How to Handle Market Volatility
Alexander is a member of The Motley Fool Blog Network -- entries represent the personal opinion of the blogger and are not formally edited.
In a market sell-off, one of the most tempting things to do is to sell. It’s an emotional impulse, and almost everyone has difficulty fighting it. The news comes out, and we read headlines like, “Dow down 200 points.” Investors get spooked and pull money out of the stock market. It happens in every market correction.
The bond market has been a difficult place for investors to be in. Precious metals have had a disastrous effect on wealth. Investors now have to look outside of bonds and precious metals in order to earn a reasonable return on investment.
What to do about it
This article is for the investor who is losing money in bonds and precious metals. I will focus on three companies that are likely to grow in the future, without all the unnecessary risk. These three companies will grow earnings, pay a dividend, and trade at a reasonable valuation. The business model has to be resistant to economic uncertainty and global risk.
Coca-Cola the freshest way to start
Coca-Cola (NYSE: KO) is one of my favorite investment opportunities right now. The company is well positioned to grow with bottling operations positioned all over the world. The company’s products are non-cyclical because of government subsidies for food (food stamps).
The company pays its investors a 2.82% dividend yield, which is superior to ten-year treasuries. The company is projected to grow earnings by 8.3% on average over the next five years. The company hopes to double its system revenue by 2010 and 2020. Data over the past two years indicates that the management team is well on track to meeting its 2020 vision.
The company trades at a 20.8 earnings multiple, slightly above the 19.8 industry average. The company’s valuation is justified when considering the low amount of risk, and the long-term growth rate. The company currently has a 0.5 beta, which indicates that the stock trades at half the volatility of the stock market.
The company has an attractive mix of growth, valuation, and income. The stock is also resistant to market fluctuations, and its product portfolio is resistant to economic recessions. This is an ideal investment for the risk averse.
Proctor & Gamble goes about business as usual
Proctor & Gamble (NYSE: PG) markets a strong portfolio of products that perform well in any economic environment, including laundry detergent, bathroom tissues, dishwashing detergent, shampoo, diapers, etc. The company is also fairly resistant to market fluctuations (0.4 beta), which indicates that the stock trades at less than half the volatility of the stock market.
The management team’s primary growth strategy is to cut back on costs right now. The company is also heavily dependent on emerging market economies for growth. The company forecasts that between 2010 and 2020 the middle class will increase by 1.4 billion, and 98% of that will come from the emerging markets. P&G is well positioned for growth.
Source: The World Bank
Based on the above figure, developing countries will grow by 6% in 2014 and will follow that with 6% growth in 2015. Assuming that’s correct, we can anticipate Proctor & Gamble to continue to prosper based on the economic outlook.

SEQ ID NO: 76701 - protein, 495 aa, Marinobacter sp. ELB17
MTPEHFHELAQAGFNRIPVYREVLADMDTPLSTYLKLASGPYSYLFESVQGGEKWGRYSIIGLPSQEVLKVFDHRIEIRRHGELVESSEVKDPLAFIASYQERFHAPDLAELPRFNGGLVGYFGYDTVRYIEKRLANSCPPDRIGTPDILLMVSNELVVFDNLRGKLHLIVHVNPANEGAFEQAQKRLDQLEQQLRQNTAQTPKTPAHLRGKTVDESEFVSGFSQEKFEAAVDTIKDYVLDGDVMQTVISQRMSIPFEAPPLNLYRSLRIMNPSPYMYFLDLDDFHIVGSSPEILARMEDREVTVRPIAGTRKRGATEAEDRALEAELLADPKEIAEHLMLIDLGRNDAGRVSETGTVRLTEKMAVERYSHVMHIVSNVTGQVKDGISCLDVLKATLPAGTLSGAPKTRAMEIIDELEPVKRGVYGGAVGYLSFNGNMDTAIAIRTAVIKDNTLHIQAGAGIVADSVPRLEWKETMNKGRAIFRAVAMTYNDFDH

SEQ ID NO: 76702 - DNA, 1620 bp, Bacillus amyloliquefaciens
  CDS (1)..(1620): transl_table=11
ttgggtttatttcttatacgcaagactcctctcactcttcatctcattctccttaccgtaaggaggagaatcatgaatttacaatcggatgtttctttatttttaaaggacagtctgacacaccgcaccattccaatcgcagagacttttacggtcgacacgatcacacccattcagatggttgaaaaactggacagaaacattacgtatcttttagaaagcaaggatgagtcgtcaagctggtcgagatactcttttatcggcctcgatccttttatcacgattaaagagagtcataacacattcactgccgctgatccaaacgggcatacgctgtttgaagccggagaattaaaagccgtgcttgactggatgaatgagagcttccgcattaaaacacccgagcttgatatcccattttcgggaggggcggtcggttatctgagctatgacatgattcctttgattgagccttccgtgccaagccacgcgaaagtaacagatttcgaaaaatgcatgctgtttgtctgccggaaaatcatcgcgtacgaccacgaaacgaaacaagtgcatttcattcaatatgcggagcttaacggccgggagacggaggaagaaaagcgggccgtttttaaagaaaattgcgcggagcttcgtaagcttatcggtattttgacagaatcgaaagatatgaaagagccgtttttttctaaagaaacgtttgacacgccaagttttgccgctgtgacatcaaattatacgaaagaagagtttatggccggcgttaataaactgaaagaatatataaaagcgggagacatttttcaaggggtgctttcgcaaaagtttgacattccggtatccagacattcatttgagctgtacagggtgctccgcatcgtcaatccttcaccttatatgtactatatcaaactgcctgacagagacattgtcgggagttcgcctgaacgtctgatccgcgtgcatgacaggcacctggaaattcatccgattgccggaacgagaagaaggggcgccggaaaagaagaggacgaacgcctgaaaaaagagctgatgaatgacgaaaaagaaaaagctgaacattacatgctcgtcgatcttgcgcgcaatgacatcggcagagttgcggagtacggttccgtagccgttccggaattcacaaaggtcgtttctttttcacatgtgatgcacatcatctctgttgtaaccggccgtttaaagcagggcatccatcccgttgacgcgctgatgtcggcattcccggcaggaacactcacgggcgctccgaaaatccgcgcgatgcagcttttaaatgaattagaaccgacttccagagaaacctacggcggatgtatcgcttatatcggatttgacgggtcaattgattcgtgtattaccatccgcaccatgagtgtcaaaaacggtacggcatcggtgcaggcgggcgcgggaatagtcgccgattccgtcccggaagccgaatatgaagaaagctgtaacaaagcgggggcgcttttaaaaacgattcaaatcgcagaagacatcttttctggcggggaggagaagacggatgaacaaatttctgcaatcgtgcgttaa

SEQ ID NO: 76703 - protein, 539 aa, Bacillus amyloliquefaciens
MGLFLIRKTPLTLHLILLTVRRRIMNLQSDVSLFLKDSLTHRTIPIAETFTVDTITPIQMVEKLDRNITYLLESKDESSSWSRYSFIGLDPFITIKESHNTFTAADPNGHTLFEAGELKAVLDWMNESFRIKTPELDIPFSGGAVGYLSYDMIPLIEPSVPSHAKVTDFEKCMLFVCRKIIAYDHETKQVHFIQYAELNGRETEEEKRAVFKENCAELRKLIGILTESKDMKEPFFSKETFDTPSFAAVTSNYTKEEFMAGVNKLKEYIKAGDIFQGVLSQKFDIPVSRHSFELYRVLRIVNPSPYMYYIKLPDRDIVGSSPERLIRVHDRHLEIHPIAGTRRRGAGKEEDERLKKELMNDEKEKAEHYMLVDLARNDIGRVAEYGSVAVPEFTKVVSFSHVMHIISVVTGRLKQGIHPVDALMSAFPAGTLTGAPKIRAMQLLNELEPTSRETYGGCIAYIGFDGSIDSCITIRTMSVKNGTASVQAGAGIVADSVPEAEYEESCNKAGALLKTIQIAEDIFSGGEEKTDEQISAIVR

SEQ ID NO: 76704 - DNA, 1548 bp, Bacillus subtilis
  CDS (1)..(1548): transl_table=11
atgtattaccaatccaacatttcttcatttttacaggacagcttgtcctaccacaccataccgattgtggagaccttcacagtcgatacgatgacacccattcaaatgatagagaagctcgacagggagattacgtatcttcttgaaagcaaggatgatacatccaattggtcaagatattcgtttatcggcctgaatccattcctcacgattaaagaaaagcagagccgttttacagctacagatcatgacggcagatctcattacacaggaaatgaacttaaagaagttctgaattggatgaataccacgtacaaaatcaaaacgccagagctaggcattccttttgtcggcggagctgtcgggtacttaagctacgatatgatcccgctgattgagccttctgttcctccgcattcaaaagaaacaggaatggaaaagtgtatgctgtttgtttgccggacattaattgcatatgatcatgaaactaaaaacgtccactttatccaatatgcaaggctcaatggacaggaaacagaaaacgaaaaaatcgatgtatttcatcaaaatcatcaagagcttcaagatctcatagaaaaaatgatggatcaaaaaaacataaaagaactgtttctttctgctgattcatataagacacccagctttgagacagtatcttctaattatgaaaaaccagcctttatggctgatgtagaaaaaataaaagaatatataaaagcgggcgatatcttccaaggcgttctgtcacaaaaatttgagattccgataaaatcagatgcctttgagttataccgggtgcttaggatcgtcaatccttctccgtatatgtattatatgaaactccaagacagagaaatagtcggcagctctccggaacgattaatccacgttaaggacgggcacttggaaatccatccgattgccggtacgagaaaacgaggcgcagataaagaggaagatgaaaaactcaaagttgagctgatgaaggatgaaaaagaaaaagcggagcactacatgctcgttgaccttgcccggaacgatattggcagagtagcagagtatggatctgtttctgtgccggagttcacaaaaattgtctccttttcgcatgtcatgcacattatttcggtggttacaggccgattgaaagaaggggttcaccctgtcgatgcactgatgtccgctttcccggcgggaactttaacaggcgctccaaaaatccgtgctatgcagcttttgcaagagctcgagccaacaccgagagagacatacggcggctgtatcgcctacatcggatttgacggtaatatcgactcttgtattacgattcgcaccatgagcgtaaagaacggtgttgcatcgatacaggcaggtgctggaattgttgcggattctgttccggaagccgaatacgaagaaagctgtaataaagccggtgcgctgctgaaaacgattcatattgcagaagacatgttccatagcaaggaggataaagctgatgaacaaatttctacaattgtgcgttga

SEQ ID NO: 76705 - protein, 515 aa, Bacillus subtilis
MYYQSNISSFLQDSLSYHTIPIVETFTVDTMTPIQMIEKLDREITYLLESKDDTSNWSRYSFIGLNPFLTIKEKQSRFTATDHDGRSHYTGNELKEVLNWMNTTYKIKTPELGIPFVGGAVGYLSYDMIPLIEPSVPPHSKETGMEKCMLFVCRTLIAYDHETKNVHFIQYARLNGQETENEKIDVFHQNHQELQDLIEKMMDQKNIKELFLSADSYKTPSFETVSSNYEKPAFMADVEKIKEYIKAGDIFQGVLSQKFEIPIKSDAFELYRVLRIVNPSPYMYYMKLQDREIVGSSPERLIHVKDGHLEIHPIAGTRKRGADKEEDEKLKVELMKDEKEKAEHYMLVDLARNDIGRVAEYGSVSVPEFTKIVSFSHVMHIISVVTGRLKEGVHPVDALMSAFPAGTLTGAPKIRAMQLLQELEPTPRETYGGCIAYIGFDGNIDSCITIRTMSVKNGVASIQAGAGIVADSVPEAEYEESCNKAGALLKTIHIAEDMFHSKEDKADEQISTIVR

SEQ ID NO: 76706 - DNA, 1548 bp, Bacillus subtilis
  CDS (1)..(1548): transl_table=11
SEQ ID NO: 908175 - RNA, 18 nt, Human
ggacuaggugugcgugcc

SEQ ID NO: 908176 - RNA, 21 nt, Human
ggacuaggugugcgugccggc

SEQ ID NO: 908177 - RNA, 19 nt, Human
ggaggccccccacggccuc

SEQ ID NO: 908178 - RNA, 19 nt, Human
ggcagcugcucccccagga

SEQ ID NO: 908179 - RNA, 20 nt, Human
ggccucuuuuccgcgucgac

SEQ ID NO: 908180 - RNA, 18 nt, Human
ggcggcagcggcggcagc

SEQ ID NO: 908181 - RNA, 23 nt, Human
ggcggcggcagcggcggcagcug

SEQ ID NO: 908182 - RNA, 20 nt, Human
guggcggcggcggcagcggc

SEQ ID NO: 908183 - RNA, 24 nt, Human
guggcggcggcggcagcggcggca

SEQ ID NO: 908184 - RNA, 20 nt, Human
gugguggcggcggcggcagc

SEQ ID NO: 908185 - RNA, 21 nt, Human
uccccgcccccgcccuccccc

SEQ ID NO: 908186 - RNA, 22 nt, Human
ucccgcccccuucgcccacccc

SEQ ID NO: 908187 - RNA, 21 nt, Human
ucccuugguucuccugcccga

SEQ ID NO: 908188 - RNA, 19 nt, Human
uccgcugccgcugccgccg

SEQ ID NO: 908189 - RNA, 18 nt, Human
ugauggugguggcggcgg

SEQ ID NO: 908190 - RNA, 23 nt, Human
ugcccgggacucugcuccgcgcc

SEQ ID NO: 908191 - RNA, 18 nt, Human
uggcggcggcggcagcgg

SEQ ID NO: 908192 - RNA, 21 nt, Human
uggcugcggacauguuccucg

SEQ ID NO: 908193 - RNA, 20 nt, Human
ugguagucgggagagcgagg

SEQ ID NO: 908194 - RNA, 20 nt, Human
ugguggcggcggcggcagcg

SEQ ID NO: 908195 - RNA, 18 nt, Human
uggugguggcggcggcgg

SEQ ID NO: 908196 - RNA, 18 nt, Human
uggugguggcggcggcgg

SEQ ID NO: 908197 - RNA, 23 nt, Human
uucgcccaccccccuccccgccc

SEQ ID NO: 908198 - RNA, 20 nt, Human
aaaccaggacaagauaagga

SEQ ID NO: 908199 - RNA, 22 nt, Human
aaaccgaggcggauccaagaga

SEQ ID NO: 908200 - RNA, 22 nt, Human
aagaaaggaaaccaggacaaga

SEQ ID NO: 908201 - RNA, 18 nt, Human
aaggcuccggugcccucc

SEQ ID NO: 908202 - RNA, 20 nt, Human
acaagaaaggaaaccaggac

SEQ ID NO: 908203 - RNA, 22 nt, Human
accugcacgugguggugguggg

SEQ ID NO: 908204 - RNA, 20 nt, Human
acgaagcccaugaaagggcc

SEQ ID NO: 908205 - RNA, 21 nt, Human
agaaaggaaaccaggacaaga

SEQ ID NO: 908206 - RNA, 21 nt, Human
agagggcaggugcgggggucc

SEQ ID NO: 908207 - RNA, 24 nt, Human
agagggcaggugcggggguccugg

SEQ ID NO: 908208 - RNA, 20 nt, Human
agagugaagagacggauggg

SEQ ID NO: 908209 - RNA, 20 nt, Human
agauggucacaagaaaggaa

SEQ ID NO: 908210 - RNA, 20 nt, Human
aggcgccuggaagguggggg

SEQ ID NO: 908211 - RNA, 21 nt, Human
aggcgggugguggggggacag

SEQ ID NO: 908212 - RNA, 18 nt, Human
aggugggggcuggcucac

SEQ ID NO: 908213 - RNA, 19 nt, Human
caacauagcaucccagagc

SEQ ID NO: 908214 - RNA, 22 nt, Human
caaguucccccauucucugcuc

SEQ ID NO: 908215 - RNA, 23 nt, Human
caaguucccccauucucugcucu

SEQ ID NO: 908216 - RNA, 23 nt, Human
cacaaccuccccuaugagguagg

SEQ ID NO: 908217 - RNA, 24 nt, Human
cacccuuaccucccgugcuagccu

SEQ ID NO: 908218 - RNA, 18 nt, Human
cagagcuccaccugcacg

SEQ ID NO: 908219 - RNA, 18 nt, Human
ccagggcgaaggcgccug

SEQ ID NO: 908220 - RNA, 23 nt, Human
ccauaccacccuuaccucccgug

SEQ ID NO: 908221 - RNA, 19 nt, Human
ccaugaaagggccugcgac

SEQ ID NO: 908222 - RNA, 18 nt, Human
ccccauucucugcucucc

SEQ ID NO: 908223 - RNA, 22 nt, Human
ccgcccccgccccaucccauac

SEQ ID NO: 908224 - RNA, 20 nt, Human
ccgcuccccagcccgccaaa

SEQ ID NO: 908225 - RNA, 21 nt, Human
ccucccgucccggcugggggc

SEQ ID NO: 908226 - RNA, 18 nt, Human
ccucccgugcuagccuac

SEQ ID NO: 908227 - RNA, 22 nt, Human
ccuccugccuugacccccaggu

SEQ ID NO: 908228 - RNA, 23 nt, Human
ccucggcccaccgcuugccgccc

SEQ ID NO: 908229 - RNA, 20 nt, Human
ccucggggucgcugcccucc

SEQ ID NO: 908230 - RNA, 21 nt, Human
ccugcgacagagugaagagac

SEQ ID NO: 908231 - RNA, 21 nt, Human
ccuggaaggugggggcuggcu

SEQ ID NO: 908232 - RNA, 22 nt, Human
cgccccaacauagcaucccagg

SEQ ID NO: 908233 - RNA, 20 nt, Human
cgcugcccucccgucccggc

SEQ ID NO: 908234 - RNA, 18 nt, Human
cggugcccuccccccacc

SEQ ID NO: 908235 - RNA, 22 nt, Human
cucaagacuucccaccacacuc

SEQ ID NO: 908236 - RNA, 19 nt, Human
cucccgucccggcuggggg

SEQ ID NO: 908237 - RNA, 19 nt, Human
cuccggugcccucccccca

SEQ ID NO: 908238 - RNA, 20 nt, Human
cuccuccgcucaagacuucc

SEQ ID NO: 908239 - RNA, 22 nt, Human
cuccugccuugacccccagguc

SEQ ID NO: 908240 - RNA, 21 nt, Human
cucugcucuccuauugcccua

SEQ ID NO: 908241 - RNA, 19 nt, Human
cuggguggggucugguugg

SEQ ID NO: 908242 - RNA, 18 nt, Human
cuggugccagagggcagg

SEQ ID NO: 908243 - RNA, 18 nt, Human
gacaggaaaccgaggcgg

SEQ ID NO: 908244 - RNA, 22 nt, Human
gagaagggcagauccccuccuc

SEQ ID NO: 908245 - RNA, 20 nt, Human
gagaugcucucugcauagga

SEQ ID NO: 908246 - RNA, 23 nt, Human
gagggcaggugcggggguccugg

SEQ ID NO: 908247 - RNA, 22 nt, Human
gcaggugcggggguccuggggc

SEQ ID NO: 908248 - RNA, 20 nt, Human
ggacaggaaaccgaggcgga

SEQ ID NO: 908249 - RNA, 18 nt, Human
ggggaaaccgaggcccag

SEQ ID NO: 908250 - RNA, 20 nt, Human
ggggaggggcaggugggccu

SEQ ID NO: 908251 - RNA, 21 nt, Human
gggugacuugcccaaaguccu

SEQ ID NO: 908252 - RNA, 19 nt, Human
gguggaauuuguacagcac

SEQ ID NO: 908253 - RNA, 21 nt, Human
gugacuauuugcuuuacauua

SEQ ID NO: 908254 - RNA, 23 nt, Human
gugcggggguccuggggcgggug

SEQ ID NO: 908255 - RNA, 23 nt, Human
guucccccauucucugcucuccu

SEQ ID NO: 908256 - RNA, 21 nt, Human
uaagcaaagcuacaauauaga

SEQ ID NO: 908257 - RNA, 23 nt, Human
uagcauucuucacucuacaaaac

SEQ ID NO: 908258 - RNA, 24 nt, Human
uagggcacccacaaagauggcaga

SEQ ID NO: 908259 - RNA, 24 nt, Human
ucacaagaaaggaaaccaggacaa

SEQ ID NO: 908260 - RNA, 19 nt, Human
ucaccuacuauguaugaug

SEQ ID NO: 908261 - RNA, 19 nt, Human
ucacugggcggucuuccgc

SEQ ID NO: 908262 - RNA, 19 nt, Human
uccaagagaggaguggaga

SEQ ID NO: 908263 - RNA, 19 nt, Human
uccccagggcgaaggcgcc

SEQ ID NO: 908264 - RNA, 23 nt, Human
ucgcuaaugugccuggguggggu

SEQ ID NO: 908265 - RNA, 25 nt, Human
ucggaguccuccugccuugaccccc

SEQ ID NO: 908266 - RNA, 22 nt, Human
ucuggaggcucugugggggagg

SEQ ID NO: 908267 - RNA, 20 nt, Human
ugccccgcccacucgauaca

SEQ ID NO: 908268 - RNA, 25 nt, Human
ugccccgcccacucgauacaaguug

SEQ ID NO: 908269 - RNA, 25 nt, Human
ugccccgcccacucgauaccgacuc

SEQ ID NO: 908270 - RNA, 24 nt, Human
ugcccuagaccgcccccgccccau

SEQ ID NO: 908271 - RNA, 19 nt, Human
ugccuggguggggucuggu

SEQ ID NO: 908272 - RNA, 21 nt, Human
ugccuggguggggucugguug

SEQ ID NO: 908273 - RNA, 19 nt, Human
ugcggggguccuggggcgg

The company currently generates $10.7 billion in net income. The company plans to cut $10 billion in costs by 2016, which will total $20.7 billion in net income. If that is the case, then earnings will double. A double on earnings means that there could be a compelling investment thesis for the company. The company could grow earnings by more than 25% per year. The company also compensates investors with a 3.11% dividend yield. The stock is cheap relative to its future growth potential.
Hold your groceries
In any economic environment, people will shop for groceries. Everybody needs to stock up on spaghetti noodles, canned beans, rice, vegetables, fruits, and etc. Anyone can relate to the basic necessity of life, which is food.
I believe that one of the most underrated defensive stocks right now is Kroger (NYSE: KR). This company operates supermarket chains that should sound familiar, like Fry’s, Ralphs, Smith’s, Scott’s Food & Pharmacy, City Market, and Kroger. The company operates 3,600 supermarkets across the United States. The stock currently has a 0.4 beta, which basically indicates that the company has less than half the volatility of the broader stock market.
The management team believes that it can sustain growth at an 8-11% rate over the long-term. The stock also compensates its investors with a 1.78% dividend yield and trades at a 12.2 earnings multiple, which is reasonable based on the future earnings growth.
These three companies have limited economic downside, pay dividends, and have shown reduced volatility. All three will grow earnings. Any bond investor looking for a safe-haven in the stock market should consider investing in Coca-Cola, Proctor & Gamble, and Kroger.
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Alexander Cho has no position in any stocks mentioned. The Motley Fool recommends Coca-Cola and Procter & Gamble. Try any of our Foolish newsletter services free for 30 days. We Fools may not all hold the same opinions, but we all believe that considering a diverse range of insights makes us better investors. The Motley Fool has a disclosure policy. Is this post wrong? Click here. Think you can do better? Join us and write your own!